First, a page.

* This hymn is a response to Paul’s testimony in Romans 7,15-25a.
I have set it to the African-American melody AMAZING GRACE, composed in the early nineteenth century or earlier. Singers might venture to lift their voices without accompaniment, and to sing out, sing clearly and freely. When there is more than one singer, people can improvise their own harmonies. (To do this, no one has to be able to read music, or to try to sing in a ‘good’ voice – everyone has a good voice!) When the singing is airborne, instrumentalists can join in, if they are available. The important principle is: let not instruments provide a cover for singers to hide behind. Let each person make the opening couplet their own!I-sing-because-Ive-found-the-voice
I remember first hearing Romans 7.15-25a when I was a choirboy. The words seemed to find out a secret suspicion that I was morally sick, and depicted me as such. For a long time after, that was how I thought of myself.
In this passage Paul writes in the first person about his struggle not to be a victim of the past in which he was a slave to sin. In the wider context of this passage Paul, being baptized in Christ, sees himself as a new creation; but baptism has not made him glib: he vividly remembers his experience of being in bondage, and he writes passionately about it.
The whole context has been summarised by George Hunsinger as follows: Paul situates the baptized community, and the baptized person within the community, in an apocalyptic context. The baptised exist in the turning from the old aeon to the new as determined by Christ’s death and resurrection. They exist between past and future, between the old aeon determined by sin (now shattered by Christ) and the new determined by resurrection from the dead (now inaugurated). The power of the resurrection really is present to them – as that which is essentially future. Because of its presence, sin does not dominate them.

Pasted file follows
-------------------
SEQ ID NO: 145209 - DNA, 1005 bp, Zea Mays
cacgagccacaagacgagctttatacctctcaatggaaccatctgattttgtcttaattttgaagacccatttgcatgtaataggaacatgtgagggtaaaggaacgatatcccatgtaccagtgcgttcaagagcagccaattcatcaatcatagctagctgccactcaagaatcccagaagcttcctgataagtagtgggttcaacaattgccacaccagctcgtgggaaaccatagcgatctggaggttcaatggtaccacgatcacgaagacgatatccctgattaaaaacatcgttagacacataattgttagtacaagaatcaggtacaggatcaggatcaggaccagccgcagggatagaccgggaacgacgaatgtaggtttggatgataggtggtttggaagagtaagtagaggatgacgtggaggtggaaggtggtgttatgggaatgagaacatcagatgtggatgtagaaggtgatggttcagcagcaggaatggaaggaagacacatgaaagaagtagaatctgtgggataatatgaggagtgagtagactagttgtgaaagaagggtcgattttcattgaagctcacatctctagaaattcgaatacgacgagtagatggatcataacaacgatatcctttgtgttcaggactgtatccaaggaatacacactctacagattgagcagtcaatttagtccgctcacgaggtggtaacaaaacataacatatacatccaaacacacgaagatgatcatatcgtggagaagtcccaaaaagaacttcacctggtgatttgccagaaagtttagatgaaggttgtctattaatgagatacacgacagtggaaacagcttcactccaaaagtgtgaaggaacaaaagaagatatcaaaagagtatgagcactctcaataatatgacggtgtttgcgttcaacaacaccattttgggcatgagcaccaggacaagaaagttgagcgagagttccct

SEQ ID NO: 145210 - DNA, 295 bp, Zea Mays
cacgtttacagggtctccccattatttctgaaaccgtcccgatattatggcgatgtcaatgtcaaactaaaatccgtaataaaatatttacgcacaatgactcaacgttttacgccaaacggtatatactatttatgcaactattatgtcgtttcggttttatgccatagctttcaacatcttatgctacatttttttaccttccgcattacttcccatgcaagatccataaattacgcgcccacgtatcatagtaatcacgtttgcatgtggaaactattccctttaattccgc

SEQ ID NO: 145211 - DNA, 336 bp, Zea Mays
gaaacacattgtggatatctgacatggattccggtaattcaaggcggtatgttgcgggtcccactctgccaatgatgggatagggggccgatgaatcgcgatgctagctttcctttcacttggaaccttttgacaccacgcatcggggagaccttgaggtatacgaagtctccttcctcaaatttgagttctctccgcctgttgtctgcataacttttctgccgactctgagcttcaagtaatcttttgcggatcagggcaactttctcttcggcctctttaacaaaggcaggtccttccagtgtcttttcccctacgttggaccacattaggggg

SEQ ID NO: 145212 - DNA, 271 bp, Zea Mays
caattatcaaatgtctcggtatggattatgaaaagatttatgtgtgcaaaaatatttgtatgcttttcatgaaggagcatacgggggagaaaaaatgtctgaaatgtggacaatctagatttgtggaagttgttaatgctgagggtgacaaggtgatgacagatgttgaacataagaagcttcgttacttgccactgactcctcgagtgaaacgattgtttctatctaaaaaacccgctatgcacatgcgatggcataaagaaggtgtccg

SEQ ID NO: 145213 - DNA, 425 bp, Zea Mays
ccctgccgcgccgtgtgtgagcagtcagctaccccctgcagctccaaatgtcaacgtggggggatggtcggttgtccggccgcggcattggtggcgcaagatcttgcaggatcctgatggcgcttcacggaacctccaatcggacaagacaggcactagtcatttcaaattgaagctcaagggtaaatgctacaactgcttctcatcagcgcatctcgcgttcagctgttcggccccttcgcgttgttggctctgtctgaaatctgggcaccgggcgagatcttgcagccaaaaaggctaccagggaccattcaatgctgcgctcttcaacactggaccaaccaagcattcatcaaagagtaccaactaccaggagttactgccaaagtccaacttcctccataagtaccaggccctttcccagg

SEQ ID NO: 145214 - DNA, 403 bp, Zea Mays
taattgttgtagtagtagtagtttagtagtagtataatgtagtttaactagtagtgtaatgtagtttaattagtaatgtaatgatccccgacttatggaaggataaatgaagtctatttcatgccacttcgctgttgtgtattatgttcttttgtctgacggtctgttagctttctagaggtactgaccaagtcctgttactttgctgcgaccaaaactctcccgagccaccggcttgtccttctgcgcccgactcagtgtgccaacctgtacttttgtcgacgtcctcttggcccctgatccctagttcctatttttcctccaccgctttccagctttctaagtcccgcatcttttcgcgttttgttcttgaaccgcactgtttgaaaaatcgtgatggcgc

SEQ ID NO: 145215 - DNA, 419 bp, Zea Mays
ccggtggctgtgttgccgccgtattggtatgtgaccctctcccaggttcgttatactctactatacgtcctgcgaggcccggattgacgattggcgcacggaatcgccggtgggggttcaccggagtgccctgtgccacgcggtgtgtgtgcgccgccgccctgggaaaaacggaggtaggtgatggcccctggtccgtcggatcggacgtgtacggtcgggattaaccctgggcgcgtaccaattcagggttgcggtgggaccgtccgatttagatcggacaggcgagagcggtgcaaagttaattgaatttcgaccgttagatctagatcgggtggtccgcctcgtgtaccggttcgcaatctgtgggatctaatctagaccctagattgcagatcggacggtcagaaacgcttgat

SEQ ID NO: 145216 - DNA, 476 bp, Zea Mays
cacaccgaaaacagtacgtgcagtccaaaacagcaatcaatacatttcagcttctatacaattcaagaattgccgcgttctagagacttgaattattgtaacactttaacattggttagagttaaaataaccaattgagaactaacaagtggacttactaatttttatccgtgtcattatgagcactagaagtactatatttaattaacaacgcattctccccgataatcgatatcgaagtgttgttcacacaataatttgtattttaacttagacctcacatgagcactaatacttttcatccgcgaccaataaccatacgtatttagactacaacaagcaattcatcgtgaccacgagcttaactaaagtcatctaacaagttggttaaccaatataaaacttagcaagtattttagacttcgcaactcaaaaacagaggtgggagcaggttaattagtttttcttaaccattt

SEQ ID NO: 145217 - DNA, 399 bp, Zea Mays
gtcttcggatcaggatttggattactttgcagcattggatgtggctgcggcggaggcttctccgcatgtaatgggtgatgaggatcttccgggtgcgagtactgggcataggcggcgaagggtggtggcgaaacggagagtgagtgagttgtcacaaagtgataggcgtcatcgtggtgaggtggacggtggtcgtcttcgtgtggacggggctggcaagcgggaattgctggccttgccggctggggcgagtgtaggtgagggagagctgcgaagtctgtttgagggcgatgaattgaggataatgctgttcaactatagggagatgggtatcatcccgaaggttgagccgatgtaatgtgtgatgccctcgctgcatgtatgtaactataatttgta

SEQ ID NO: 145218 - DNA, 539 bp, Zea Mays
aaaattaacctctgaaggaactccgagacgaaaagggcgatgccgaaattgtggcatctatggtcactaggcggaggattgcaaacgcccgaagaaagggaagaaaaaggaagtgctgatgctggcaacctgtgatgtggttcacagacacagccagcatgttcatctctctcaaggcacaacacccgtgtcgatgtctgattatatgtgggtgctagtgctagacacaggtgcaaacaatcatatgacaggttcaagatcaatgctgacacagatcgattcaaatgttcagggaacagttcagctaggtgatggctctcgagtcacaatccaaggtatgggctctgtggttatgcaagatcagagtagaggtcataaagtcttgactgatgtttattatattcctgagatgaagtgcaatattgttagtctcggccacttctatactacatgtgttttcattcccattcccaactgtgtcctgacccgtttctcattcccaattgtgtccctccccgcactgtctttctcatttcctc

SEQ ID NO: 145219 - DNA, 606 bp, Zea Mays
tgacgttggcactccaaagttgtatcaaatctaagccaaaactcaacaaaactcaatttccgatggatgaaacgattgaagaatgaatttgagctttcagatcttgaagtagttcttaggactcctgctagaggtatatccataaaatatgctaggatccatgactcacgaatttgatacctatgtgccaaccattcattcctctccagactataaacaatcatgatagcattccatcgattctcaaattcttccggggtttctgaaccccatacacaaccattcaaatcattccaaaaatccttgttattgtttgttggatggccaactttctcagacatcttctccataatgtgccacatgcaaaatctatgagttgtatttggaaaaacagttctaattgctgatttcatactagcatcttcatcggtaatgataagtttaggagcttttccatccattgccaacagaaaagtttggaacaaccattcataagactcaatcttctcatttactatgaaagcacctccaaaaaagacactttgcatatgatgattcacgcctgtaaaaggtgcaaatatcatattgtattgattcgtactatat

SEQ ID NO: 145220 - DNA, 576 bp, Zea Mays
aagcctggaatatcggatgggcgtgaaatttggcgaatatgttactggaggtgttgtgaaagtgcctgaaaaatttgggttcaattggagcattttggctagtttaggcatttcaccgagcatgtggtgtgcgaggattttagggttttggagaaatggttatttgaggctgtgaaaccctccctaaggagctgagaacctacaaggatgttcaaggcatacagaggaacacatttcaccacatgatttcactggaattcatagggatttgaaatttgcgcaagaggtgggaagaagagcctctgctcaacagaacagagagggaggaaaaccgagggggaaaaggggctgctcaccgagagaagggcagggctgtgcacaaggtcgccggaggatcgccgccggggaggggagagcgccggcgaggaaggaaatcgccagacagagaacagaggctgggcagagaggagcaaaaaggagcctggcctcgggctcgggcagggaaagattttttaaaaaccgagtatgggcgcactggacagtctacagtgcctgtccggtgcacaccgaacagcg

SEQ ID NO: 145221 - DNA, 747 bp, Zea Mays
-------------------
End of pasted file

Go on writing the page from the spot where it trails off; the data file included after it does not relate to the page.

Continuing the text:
Martin Luther is reputed to have written that ‘It is not sin that must leave human beings, but human beings that must leave sin.’ It’s a reminder that baptism doesn’t produce new creatures simply by magic: for God’s grace to be effective, courage, resolution, and perseverance are required.
I wrote this hymn believing that ‘The age of grace is here and now, is with us evermore…’ Everyone is summoned to ‘lift every voice as each knows how to hymn faith’s farthest shore’ (Faith is the assurance of things hoped for, the conviction of things not seen. Hebrews 11.1. It means setting no limits to what may be undertaken in Christ’s name.)
The image of ‘finding the voice’ is taken from the experience of learning to be oneself as one is, rather than trying to cultivate images of a different self. A student, who later became a distinguished actor, impressed everyone except his teacher by acting the part of a powerfully angry man. “You are only acting”, she said: “you are not being real.” At that he became yet more angrier and angrier, and everyone was seriously frightened. But the teacher insisted he was still holding back. Then he let go, picked up a sofa and hurled it across the room. His teacher had no need to say it: he knew for himself he’d found his voice at last.
 In The Lectionary Commentary. 2001. Editor: Roger E.Van Harn. London: Continuum. Vol.2 pp 61-66
 Simon Callow: Being an Actor (1986)